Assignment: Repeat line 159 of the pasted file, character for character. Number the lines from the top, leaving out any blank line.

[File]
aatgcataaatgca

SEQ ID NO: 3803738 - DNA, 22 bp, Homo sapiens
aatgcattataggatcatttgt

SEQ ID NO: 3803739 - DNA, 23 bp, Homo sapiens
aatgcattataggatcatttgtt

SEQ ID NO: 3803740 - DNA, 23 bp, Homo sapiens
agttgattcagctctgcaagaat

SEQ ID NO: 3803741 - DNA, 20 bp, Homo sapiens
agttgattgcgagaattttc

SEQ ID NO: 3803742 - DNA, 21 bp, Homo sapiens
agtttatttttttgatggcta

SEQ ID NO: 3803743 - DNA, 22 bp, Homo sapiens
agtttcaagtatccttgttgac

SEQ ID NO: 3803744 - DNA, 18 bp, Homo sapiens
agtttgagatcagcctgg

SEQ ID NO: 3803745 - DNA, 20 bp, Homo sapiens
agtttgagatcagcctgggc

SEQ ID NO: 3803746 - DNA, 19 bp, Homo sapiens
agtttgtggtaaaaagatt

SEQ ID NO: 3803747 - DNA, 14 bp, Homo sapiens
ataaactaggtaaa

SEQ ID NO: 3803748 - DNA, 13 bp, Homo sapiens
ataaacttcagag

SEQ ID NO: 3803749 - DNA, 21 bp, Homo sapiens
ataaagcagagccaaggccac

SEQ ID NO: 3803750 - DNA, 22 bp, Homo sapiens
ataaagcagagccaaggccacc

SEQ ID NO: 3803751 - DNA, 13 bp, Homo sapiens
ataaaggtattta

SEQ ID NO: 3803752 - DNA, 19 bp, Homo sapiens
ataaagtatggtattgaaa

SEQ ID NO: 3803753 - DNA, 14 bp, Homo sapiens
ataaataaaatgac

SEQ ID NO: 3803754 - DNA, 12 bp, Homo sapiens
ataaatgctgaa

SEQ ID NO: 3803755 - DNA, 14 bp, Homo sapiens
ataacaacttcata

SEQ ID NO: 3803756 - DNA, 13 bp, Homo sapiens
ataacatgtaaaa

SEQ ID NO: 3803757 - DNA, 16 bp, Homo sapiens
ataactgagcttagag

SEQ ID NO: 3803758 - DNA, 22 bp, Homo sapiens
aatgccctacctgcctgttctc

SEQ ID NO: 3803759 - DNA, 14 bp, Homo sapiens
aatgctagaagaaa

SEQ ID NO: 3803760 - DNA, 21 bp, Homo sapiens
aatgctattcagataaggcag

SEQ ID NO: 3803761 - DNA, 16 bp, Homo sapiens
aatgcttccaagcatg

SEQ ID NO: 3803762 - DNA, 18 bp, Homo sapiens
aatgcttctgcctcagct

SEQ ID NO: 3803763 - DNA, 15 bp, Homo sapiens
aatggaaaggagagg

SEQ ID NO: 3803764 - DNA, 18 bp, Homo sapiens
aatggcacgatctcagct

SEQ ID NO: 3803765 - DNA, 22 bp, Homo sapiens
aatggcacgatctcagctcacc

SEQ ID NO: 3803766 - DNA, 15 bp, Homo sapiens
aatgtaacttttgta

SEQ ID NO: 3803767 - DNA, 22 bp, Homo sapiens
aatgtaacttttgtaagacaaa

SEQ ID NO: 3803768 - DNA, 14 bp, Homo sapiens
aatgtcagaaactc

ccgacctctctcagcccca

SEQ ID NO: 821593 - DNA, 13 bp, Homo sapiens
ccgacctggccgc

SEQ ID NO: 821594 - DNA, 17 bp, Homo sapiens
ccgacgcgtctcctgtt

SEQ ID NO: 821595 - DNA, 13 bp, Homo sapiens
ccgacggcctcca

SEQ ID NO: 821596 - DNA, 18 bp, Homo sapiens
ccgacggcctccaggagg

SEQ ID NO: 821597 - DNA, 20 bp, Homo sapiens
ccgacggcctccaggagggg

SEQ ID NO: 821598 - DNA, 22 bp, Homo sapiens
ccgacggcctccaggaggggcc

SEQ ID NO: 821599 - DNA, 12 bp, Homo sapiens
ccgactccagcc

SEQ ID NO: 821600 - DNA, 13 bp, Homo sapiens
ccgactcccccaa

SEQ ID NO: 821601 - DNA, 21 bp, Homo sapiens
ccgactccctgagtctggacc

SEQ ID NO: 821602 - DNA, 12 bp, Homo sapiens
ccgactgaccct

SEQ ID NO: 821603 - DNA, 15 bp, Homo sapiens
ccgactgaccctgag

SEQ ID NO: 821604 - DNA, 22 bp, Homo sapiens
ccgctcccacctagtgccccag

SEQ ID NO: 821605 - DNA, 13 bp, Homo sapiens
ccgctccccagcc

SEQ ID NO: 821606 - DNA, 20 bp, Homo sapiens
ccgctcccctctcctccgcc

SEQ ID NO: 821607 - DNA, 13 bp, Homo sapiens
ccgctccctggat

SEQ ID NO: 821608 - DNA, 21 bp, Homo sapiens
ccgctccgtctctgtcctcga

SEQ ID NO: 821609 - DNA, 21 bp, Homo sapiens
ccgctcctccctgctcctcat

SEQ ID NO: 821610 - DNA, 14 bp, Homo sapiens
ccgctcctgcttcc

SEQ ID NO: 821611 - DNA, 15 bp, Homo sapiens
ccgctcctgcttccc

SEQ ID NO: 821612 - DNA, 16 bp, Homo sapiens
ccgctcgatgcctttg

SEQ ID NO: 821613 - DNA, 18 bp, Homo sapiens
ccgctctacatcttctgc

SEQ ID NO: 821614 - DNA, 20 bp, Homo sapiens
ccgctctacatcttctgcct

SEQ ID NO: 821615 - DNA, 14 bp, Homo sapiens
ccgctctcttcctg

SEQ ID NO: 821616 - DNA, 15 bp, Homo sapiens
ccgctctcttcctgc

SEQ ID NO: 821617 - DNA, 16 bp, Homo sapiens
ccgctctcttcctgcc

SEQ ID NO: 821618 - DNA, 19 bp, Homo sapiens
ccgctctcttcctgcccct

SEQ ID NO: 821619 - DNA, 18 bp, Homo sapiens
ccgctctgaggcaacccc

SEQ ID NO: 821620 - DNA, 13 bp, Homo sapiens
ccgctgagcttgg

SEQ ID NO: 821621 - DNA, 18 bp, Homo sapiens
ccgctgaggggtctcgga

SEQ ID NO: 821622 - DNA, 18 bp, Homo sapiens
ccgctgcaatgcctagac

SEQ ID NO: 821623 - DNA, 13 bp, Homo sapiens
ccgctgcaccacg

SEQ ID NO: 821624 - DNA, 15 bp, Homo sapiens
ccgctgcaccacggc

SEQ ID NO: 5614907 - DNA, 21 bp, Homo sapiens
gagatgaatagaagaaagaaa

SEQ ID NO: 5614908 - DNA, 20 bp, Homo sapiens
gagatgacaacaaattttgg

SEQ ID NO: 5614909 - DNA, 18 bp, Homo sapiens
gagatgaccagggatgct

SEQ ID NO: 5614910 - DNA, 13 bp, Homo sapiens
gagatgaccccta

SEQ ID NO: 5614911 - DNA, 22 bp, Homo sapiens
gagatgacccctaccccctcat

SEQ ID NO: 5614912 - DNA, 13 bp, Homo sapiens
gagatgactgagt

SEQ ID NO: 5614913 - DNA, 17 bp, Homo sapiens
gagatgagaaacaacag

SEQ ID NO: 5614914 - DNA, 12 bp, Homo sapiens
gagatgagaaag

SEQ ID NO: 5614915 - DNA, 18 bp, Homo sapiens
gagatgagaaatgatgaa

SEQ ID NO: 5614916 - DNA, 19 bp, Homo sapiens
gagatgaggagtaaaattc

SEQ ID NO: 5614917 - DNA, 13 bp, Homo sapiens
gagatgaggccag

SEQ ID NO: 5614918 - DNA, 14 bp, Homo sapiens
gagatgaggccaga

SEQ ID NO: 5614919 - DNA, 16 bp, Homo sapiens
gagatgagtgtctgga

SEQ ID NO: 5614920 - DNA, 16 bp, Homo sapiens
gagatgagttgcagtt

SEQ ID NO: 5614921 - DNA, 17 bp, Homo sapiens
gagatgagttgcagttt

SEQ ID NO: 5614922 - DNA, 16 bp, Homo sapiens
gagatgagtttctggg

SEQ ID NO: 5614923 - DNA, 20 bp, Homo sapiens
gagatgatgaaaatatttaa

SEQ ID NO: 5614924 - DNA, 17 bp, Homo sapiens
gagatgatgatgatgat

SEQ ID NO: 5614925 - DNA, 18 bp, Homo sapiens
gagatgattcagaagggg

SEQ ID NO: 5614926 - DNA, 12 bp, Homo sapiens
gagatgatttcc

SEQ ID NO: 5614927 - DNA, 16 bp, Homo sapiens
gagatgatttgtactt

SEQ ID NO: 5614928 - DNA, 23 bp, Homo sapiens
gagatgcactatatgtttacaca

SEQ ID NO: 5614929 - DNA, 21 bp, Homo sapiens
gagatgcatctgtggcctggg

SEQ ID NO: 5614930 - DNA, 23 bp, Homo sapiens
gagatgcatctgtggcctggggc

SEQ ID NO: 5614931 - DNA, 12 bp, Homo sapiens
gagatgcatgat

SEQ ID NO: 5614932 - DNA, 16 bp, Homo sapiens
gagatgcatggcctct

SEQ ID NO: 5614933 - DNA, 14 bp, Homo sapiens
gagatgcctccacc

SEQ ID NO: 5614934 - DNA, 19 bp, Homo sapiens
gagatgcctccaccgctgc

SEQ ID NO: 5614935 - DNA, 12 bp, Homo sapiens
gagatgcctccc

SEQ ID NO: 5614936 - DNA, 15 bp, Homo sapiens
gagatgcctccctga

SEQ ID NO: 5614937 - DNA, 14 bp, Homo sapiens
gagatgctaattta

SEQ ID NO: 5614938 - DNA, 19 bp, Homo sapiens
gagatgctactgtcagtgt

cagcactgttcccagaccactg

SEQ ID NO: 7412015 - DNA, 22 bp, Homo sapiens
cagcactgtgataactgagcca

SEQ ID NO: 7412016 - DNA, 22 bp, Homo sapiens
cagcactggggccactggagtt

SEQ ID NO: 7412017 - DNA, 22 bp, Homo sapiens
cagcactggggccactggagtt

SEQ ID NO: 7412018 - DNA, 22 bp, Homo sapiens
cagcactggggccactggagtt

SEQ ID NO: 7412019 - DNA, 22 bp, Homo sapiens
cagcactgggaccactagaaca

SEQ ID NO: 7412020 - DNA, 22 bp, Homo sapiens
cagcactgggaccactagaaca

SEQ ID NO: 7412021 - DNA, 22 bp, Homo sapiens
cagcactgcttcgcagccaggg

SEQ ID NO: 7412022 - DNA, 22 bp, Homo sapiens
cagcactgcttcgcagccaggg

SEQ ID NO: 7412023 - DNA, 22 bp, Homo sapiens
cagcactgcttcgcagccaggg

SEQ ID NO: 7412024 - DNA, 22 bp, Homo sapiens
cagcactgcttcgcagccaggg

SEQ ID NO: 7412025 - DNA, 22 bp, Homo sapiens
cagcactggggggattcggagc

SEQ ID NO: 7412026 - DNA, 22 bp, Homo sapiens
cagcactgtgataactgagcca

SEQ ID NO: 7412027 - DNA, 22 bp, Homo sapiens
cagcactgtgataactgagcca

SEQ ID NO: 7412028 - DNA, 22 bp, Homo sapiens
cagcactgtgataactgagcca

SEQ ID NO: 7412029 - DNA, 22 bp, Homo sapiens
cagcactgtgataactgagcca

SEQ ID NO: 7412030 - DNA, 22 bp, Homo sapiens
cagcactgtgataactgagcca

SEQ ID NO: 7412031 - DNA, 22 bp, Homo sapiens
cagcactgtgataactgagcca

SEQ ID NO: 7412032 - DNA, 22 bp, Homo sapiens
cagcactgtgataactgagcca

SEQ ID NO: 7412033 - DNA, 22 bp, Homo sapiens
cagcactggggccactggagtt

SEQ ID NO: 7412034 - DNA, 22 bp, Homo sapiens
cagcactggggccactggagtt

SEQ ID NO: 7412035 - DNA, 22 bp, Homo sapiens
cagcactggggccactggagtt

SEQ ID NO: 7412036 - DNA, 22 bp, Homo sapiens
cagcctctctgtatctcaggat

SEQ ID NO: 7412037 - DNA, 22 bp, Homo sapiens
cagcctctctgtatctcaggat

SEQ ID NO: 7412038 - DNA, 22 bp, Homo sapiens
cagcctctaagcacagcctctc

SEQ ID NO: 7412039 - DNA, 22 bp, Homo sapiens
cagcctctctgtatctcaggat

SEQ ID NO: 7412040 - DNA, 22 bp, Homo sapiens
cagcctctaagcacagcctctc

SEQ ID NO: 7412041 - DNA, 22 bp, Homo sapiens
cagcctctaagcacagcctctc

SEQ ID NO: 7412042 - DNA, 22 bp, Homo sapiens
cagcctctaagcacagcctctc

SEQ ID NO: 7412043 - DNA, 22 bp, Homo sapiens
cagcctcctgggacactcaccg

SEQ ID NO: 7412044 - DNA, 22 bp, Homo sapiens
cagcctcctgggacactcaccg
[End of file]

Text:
SEQ ID NO: 5614922 - DNA, 16 bp, Homo sapiens